Wabion’s Michael Ingold shares his view on some tools that simplify working with K8S and make life for software engineers even easier.
Compared to traditional deployment practices, Kubernetes already makes life for software engineers easier by providing a solid approach to the orchestration of containerized systems. Originally developed by Google and refined under the roof of the Cloud Native Computing Foundation (CNCF), the open-source system for container orchestration enables companies to reduce times and money spent on infrastructure provisioning, shorten time to market, and accelerate the implementation of new business models.
As Google Cloud’s flagship Kubernetes solution, Google Kubernetes Engine (GKE) comes along with a Container as a Service (CaaS) model. Containers hold independent microservices which together make up the application. CaaS reduces maintenance efforts and frees up resources to focus on application development.
However, Kubernetes – often referred to as the “Kernel of the Cloud” – still leaves some room for making a software engineer’s life even easier. It’s simply because software engineers are generally not very fond of writing code that interacts directly with OS kernel resources and APIs. Whenever and wherever there is a way to avoid it, we will – and go for user-space tools and libraries to make our life easier. Along my K8S journey I have encountered some tools that have turned out to be helpful and powerful companions:
If you are a software engineer, your first contact with Kubernetes is likely to be the ‘kubectl’ tool. Enabling you to get familiar with all aspects of a cluster, I still use it for automating things. On the other hand, it also may take a lot of time, since inspecting logs and digging through configuration issues may become a matter of typing dozens of commands. That’s where K9s comes into play:
The intuitive user interface of K9s includes various productivity features.
The intuitive user interface comes along with a lot of productivity features. For example, it refreshes automatically when they displayed data changes highlighting the new information and state. In case you are used to VIM as an editor, you’ll feel at home with K9s. If not, there is always ‘?’ to help you out.
Have you ever found a Linux distro without some kind of package manager? Probably not, even though the Linux community is always up for a surprise;)! With Kurbernetes, you may find yourself in the same situation, i.e. you deploy databases typically by writing your own YAML resource definitions. Well, with Helm, you can pass on that and save time.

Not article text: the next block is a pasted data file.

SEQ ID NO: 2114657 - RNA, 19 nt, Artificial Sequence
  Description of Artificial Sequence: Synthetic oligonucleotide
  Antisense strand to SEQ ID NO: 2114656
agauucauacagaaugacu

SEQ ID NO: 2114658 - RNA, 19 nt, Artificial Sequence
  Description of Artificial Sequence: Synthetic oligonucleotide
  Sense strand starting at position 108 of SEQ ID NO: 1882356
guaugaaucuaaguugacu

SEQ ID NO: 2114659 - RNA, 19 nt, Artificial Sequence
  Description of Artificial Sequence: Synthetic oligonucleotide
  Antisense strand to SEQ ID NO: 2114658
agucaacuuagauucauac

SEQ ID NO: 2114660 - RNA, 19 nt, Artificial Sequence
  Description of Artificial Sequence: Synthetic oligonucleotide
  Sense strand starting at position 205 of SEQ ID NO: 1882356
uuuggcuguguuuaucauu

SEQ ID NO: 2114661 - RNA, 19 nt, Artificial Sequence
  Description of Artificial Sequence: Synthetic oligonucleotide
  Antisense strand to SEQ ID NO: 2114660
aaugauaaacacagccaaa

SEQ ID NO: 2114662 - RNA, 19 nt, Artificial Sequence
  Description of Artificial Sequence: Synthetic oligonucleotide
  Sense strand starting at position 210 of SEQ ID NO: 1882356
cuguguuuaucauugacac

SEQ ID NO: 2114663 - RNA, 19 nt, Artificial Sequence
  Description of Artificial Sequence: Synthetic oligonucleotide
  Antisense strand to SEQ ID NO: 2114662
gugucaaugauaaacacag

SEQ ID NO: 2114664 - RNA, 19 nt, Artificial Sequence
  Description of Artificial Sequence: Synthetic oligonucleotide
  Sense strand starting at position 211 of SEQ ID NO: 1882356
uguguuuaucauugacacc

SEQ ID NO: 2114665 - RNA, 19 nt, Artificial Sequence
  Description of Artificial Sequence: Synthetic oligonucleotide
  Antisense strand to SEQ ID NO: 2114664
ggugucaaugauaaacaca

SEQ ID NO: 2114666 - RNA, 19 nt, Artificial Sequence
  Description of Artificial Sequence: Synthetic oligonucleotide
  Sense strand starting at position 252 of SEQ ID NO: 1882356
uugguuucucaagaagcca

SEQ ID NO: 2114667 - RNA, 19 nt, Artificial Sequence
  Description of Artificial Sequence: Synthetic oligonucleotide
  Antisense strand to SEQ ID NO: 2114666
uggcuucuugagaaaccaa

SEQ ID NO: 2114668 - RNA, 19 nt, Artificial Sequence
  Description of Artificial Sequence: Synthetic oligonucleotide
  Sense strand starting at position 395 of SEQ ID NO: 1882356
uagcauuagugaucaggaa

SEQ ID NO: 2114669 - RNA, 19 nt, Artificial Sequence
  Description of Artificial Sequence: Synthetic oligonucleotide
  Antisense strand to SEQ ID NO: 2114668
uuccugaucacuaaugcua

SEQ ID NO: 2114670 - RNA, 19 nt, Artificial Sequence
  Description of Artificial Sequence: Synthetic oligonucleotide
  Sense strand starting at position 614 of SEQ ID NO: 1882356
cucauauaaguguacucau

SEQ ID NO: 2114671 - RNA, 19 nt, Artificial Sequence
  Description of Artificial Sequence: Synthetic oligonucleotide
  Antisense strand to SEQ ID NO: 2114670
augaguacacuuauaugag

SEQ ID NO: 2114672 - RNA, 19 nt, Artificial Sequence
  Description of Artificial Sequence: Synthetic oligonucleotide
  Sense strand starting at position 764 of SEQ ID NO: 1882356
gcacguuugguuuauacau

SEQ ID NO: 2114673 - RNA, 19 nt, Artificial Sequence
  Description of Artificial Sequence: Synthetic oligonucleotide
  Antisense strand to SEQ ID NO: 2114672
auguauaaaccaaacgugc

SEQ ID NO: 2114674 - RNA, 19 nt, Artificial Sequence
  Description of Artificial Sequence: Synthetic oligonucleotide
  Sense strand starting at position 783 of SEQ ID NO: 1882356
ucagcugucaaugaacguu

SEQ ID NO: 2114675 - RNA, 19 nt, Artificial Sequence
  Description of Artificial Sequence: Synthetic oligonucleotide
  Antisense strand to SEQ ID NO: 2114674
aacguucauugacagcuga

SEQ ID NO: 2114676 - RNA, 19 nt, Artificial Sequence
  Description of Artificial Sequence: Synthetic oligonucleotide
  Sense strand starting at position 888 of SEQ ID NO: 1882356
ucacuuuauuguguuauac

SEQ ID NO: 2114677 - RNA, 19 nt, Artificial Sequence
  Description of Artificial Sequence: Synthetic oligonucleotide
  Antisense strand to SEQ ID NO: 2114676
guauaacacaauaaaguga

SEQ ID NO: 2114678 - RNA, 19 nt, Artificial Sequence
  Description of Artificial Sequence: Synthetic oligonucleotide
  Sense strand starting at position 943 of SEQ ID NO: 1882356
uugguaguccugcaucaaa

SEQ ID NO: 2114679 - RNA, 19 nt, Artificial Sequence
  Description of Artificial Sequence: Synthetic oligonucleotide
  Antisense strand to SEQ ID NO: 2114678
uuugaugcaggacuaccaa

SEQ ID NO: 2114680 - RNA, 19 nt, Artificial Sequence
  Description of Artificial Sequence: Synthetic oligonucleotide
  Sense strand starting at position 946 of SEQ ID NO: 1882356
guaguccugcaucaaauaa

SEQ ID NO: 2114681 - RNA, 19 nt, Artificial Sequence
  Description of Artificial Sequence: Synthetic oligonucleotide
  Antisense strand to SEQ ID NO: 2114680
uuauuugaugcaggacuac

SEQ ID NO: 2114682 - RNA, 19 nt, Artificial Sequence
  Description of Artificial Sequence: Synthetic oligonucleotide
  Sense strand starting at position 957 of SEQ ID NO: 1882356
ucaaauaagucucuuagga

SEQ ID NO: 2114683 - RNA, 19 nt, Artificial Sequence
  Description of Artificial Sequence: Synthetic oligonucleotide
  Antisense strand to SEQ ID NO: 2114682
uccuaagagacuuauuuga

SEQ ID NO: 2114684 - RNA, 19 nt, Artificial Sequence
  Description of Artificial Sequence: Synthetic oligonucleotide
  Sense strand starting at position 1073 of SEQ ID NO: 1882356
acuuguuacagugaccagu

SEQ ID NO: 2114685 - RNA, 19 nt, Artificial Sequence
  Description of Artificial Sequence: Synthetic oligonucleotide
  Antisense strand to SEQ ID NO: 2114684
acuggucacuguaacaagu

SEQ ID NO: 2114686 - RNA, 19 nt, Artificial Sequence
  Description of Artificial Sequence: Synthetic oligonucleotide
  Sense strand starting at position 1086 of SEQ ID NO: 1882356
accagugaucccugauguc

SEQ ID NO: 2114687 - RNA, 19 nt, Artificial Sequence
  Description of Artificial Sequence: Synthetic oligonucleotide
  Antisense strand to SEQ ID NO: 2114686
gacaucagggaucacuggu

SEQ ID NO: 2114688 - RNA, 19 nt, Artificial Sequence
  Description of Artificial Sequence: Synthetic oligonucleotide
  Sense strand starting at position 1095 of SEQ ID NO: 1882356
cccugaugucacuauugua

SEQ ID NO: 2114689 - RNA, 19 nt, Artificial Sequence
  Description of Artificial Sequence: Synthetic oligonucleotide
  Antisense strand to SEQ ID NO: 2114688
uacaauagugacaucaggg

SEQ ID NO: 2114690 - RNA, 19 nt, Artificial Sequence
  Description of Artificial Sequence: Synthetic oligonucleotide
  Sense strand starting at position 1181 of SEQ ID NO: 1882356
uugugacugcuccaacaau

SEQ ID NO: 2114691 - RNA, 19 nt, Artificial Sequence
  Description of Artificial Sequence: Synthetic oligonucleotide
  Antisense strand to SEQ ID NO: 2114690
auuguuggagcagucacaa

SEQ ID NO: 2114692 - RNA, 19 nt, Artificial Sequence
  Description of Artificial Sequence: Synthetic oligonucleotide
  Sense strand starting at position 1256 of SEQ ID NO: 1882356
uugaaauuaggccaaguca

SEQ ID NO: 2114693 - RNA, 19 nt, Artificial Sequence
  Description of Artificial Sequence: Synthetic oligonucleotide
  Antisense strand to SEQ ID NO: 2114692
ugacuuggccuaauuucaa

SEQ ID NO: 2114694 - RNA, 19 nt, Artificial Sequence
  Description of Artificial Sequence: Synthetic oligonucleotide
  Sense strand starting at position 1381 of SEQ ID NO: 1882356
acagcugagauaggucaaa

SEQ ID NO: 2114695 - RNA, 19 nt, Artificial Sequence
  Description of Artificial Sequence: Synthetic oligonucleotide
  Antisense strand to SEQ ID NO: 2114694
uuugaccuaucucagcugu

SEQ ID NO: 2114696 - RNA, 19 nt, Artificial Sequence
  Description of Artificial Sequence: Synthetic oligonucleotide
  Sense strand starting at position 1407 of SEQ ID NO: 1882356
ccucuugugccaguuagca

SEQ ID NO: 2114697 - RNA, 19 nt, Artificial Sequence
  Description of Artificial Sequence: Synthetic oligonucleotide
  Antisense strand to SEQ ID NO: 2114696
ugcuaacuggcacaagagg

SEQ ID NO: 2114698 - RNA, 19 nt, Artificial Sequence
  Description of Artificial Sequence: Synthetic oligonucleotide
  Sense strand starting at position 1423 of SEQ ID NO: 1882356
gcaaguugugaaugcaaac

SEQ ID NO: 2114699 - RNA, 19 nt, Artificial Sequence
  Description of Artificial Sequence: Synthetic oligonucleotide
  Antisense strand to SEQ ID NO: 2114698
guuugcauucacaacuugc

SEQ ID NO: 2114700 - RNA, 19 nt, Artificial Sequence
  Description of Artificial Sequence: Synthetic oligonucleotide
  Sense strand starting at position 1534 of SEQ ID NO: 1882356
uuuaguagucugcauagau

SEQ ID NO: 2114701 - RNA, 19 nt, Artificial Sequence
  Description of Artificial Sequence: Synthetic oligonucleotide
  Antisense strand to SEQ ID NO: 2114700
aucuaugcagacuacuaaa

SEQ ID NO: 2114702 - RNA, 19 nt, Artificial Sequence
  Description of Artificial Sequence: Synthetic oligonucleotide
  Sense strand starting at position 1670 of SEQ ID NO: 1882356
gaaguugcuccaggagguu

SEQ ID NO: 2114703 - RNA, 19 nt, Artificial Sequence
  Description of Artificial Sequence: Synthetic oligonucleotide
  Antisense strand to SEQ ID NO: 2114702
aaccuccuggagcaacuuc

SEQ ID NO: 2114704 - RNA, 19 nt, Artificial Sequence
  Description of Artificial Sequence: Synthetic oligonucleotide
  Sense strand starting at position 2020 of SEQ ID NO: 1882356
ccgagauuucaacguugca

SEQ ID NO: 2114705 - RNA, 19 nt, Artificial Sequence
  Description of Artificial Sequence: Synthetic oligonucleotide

Helm provides you with a ‘template’ to deploy almost any kind of system. Almost all major database vendors provide Helm charts including best practises on how to release their system of Kubernetes. Even if you don’t use Helm charts, I suggest you check them with your database folks. I bet they consider K8S to be the best place to run your databases.
“Kustomize” might also be something worth having a closer look at, in particular for Helm users. Addressing the same issue, this tool follows quite a different approach. Should Helm ever let you down, you might be glad to have Kustomize in your tool box.
Do you remember the time when we had to certify public keys manually and pay a big deal of money for them? Cert-Manager won’t remind you of it, as it lets you get trusted certificates quickly and efficiently. If set up right, Cert-Manager can get you a trusted TLS certificate for free in less than a second from Let’s-Encrypt.
You may also choose other certificate authorities (CA). But honestly, why should you? Cert-Manager can also be an internal CA in your cluster, signing certificates with self-signed keys for internal use. This can be really useful when using mutual TLS authentication in your system. Last but not least, there is a helm chart to help you deploy Cert-Manager.
Once you have written your YAML files and pushed them to your cluster, everything is running fine. As the next step, you are probably going to check these files into GIT. Wouldn’t it be great to have your cluster take all the resources manually pushed from the GIT repository and apply them when you push them to the mainline branch?
That’s exactly what the Git-Ops solution Flux can do for you. Running in your cluster, Flux compares the state of the cluster with the resource definitions in the specified repository and makes them match if necessary. Flux can also automatically update new image versions as they become available in the image registry. Make sure to semver your images carefully in order to avoid unexpected downtime. Really last but definitely not least: Flux can also compile and deploy Helm charts for you.
Do you want to learn more about Wabion’s Kubernetes expertise, in particular for Multi- and Hybrid Cloud setups? Then, browse our TRANSFORM section and read our latest blog articles. Or do you have specific questions regarding the tools presented in this article, drop me a message on firstname.lastname@example.org.